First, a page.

The Sternbuchs quickly went to work to orchestrate the positive media response that Himmler had demanded as a condition for further transports. Despite their intense efforts, the results were disappointing. The NY Times ran a small article, headlined “First Jewish Convoy Reaches Swiss Haven.”
BERN, Switzerland, Feb. 7 (1945)—A convoy of 1200 Jewish refugees from the Theresienstadt concentration camp in Austria arrived at Kreuslingen today following negotiations by Jean Marie Musy, former Swiss Federal Counselor, with Heinrich Himmler.
A day later, another item appeared in the Times, describing a gathering of rabbis at the headquarters of the Vaad Hatzalah in New York to celebrate the release of the Theresienstadt Jews, which the paper credited to efforts of seventeen Vaad members. (New York Times; Rabbis Celebrate Freeing of Jewish Refugees, Feb. 9, 1945, WRB)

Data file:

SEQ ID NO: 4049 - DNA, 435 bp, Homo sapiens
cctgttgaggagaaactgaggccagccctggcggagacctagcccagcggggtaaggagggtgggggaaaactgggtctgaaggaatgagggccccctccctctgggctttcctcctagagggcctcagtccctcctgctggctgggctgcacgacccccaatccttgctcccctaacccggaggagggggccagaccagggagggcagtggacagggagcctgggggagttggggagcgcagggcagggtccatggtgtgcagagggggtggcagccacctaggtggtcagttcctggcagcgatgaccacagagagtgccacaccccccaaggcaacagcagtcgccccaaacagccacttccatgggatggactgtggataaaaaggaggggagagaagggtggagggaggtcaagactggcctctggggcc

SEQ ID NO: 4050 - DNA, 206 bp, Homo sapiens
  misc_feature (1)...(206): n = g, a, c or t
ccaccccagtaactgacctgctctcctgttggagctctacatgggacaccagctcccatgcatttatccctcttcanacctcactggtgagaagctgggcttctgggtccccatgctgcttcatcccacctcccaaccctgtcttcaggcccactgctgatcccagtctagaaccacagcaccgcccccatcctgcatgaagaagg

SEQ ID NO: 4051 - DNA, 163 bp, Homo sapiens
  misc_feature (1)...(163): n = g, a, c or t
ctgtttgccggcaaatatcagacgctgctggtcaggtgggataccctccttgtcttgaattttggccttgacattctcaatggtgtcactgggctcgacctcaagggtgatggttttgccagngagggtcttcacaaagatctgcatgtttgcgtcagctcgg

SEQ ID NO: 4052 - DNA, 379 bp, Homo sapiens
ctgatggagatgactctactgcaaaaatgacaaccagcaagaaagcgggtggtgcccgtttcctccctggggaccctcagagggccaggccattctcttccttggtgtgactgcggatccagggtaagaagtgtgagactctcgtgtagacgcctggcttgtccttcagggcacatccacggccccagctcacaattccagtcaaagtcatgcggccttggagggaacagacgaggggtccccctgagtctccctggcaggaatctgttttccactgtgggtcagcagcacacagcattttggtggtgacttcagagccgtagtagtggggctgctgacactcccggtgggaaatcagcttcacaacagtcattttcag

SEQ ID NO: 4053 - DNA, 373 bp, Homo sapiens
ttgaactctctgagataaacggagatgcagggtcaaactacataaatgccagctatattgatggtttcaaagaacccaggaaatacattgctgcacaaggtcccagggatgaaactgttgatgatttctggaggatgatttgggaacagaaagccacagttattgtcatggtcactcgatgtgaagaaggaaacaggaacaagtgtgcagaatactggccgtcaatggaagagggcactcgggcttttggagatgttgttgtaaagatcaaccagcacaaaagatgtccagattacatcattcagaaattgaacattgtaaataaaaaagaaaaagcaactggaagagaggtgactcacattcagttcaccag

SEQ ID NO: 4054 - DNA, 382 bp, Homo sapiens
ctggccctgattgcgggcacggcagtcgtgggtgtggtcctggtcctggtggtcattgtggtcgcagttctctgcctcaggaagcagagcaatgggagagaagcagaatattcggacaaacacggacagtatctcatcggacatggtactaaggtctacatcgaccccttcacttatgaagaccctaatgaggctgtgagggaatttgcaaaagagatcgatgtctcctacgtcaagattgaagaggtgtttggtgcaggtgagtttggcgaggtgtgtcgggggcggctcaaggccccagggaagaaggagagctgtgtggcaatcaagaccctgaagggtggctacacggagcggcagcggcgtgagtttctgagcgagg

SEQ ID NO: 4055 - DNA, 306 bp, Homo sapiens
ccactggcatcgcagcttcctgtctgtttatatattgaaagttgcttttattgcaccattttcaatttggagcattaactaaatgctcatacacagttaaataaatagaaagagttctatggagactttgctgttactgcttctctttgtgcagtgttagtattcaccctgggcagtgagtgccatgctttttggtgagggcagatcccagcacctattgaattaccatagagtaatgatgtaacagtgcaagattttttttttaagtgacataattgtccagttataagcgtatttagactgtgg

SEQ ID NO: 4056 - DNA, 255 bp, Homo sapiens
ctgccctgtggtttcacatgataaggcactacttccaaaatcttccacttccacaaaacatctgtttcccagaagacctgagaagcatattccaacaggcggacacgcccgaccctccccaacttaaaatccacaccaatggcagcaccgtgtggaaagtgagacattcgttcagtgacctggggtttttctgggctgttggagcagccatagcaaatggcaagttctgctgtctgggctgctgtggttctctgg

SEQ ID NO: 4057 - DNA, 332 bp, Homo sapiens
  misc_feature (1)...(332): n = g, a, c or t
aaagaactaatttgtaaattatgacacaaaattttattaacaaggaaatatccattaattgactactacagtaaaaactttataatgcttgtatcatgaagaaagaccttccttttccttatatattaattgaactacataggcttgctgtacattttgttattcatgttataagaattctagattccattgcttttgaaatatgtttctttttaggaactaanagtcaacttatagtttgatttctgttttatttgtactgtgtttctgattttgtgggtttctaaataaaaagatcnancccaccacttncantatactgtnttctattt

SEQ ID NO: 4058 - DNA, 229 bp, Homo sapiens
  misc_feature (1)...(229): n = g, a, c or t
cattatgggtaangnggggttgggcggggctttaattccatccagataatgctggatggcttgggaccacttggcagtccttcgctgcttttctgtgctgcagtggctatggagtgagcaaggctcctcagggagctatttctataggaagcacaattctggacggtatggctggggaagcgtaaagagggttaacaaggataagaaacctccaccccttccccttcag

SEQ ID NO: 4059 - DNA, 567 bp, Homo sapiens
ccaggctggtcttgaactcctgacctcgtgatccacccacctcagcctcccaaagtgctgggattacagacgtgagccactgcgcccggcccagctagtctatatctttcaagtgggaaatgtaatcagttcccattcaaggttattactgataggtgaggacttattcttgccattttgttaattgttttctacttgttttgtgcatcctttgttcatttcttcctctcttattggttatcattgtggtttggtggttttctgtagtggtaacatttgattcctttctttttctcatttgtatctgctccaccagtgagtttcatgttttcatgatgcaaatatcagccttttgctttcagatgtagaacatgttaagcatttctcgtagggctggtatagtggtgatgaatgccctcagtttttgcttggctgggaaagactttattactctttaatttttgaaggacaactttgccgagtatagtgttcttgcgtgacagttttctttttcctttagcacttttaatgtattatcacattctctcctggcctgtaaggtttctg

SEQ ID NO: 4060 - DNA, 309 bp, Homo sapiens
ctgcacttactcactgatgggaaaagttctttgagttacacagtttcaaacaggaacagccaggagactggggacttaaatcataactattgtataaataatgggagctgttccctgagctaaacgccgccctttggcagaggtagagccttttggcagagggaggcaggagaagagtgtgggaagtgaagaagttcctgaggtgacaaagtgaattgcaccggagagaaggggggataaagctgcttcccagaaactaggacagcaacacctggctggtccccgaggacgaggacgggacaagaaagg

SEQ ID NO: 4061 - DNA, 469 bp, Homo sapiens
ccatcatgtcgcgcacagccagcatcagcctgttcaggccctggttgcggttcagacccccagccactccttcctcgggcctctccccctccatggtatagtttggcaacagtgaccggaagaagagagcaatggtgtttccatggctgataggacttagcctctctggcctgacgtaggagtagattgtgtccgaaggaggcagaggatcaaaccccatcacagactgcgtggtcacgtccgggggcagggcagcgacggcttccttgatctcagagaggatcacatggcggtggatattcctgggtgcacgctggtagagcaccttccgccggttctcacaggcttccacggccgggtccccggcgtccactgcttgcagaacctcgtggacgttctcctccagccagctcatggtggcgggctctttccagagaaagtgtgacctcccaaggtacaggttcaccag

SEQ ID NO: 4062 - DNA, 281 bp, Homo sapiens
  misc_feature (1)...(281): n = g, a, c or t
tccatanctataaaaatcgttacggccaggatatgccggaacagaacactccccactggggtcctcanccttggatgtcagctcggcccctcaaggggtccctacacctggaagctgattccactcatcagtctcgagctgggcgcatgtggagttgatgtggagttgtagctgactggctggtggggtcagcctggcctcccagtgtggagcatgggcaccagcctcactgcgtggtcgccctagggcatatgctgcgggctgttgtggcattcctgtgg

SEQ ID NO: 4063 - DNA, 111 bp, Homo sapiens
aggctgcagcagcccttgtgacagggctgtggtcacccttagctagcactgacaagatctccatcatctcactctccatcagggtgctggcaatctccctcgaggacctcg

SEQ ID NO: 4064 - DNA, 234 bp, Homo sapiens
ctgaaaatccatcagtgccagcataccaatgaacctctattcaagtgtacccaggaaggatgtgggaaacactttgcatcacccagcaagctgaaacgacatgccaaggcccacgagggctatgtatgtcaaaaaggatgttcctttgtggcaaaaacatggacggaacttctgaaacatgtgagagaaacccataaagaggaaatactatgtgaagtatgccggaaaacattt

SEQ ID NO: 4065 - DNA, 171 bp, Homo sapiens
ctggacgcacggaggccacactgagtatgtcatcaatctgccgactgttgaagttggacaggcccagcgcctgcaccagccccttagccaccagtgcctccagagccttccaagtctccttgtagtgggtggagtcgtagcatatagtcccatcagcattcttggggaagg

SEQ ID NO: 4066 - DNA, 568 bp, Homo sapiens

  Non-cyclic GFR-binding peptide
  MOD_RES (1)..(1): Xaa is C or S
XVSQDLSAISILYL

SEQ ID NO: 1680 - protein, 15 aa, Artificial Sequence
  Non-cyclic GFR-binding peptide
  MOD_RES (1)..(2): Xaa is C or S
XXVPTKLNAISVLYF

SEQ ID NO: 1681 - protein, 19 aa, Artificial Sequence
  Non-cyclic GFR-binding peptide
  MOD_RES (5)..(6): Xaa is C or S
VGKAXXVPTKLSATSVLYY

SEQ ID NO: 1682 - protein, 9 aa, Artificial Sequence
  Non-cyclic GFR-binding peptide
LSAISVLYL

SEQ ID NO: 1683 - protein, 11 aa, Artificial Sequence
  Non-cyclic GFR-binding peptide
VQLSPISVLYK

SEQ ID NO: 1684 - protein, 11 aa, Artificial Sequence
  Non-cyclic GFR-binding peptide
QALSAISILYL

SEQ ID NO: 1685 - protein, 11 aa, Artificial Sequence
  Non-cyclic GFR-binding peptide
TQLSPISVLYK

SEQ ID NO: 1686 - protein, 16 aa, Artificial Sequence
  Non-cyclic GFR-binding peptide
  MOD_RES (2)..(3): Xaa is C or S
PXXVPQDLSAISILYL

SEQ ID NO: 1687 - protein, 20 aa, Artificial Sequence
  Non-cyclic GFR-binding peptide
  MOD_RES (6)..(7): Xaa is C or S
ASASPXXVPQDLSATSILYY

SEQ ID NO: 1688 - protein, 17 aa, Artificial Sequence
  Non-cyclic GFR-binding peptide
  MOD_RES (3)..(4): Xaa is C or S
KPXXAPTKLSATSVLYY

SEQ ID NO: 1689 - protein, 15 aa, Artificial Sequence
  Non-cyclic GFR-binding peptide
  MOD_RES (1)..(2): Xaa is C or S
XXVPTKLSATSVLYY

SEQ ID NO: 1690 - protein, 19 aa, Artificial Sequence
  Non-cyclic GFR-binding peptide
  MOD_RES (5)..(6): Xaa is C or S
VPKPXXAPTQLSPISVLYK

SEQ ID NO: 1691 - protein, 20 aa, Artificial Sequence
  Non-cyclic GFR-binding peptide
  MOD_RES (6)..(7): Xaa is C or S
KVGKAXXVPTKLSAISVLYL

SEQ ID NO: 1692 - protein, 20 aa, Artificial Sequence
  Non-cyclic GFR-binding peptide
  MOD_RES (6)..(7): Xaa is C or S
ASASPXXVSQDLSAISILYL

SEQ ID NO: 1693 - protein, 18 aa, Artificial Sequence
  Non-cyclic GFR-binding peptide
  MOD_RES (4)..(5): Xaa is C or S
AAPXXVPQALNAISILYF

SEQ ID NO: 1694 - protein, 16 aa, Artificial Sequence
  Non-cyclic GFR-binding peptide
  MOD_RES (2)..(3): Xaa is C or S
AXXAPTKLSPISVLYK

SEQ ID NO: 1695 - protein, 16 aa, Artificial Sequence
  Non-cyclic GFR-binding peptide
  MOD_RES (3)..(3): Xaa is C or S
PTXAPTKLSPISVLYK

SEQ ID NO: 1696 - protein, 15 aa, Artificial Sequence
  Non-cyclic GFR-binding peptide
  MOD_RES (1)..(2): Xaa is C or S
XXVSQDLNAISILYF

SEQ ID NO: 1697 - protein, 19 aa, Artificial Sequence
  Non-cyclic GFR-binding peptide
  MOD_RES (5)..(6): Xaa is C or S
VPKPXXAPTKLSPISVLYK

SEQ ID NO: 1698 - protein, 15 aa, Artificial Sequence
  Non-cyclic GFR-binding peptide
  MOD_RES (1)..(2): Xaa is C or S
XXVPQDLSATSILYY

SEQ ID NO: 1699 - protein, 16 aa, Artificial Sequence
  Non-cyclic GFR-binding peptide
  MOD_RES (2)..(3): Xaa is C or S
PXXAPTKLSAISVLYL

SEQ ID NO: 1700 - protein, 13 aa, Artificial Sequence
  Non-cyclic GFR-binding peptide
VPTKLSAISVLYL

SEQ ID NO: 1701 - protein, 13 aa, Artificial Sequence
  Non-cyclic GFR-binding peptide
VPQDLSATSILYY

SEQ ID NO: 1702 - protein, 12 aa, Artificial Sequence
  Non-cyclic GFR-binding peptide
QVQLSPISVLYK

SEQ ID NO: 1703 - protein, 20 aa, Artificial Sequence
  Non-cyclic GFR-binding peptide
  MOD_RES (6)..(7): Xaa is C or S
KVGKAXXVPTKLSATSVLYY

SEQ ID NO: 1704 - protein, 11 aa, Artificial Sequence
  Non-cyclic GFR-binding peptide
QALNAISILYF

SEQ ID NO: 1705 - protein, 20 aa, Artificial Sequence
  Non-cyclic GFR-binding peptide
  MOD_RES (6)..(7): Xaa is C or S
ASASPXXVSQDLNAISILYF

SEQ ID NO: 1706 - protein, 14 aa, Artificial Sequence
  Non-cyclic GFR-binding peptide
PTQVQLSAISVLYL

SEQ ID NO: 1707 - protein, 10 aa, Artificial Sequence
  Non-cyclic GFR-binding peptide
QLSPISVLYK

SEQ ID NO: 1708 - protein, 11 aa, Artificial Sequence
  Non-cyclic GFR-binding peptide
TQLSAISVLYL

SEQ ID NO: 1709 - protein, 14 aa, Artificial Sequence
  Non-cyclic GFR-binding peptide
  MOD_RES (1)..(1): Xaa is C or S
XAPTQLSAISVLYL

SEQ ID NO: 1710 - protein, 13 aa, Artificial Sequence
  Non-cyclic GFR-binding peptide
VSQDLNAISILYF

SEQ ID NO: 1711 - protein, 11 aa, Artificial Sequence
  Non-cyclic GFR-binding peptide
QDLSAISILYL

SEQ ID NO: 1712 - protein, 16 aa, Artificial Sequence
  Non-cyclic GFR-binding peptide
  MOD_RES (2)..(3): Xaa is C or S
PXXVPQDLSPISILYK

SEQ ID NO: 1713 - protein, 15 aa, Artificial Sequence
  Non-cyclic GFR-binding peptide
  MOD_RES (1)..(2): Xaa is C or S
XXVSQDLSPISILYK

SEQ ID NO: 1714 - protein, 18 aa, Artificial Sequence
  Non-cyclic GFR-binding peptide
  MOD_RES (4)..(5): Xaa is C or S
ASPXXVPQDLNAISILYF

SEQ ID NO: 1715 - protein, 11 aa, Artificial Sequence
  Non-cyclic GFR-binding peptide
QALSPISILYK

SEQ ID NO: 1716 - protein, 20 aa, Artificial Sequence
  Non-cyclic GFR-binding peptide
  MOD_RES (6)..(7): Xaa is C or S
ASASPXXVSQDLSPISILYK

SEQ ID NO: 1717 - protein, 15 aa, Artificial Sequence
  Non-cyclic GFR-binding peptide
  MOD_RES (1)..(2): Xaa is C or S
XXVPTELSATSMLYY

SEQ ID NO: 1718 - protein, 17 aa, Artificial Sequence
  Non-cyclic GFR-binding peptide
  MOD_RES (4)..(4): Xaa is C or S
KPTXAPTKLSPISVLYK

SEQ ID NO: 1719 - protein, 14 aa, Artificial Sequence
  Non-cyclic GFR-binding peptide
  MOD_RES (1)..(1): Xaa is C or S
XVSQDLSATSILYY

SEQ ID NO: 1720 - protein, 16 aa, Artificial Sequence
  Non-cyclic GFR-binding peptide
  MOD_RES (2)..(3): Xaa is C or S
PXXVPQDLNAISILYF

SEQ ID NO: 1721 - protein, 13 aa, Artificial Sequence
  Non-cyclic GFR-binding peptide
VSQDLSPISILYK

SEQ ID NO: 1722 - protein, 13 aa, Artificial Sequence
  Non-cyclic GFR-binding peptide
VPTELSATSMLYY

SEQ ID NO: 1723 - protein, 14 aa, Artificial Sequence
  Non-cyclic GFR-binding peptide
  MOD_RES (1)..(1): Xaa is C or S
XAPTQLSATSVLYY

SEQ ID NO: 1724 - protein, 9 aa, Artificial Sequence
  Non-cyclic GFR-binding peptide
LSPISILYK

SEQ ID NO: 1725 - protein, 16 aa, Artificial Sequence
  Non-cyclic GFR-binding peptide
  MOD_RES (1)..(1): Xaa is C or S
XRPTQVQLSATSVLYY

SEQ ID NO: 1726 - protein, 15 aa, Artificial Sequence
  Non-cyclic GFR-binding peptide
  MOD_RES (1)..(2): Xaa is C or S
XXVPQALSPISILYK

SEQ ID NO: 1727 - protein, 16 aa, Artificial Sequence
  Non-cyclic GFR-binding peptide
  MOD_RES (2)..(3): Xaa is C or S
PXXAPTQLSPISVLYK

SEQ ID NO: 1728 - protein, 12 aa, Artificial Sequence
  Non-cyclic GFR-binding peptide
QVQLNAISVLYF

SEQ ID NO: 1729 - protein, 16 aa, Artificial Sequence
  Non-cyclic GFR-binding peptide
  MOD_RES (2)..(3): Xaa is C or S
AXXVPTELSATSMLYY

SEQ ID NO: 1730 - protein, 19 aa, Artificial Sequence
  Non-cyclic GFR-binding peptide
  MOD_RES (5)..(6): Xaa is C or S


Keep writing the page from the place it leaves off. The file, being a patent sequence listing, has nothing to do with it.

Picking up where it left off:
The JTA reported that a group of twenty Orthodox Jews had achieved “one of the most fantastic feats of rescue.”
Most American papers, however, ignored the story. Musy reported to the Sternbuchs that Berlin was furious at the lack of noticeable press reaction to their release of the Theresienstadt Jews. The Sternbuchs cabled the Vaad to inform the American leadership that future transports were in jeopardy unless the press produced favorable coverage.
Pulling whatever strings they could, the Vaad pressed ardently for positive media coverage of the rescue. Results began trickling in and then increased to a flow.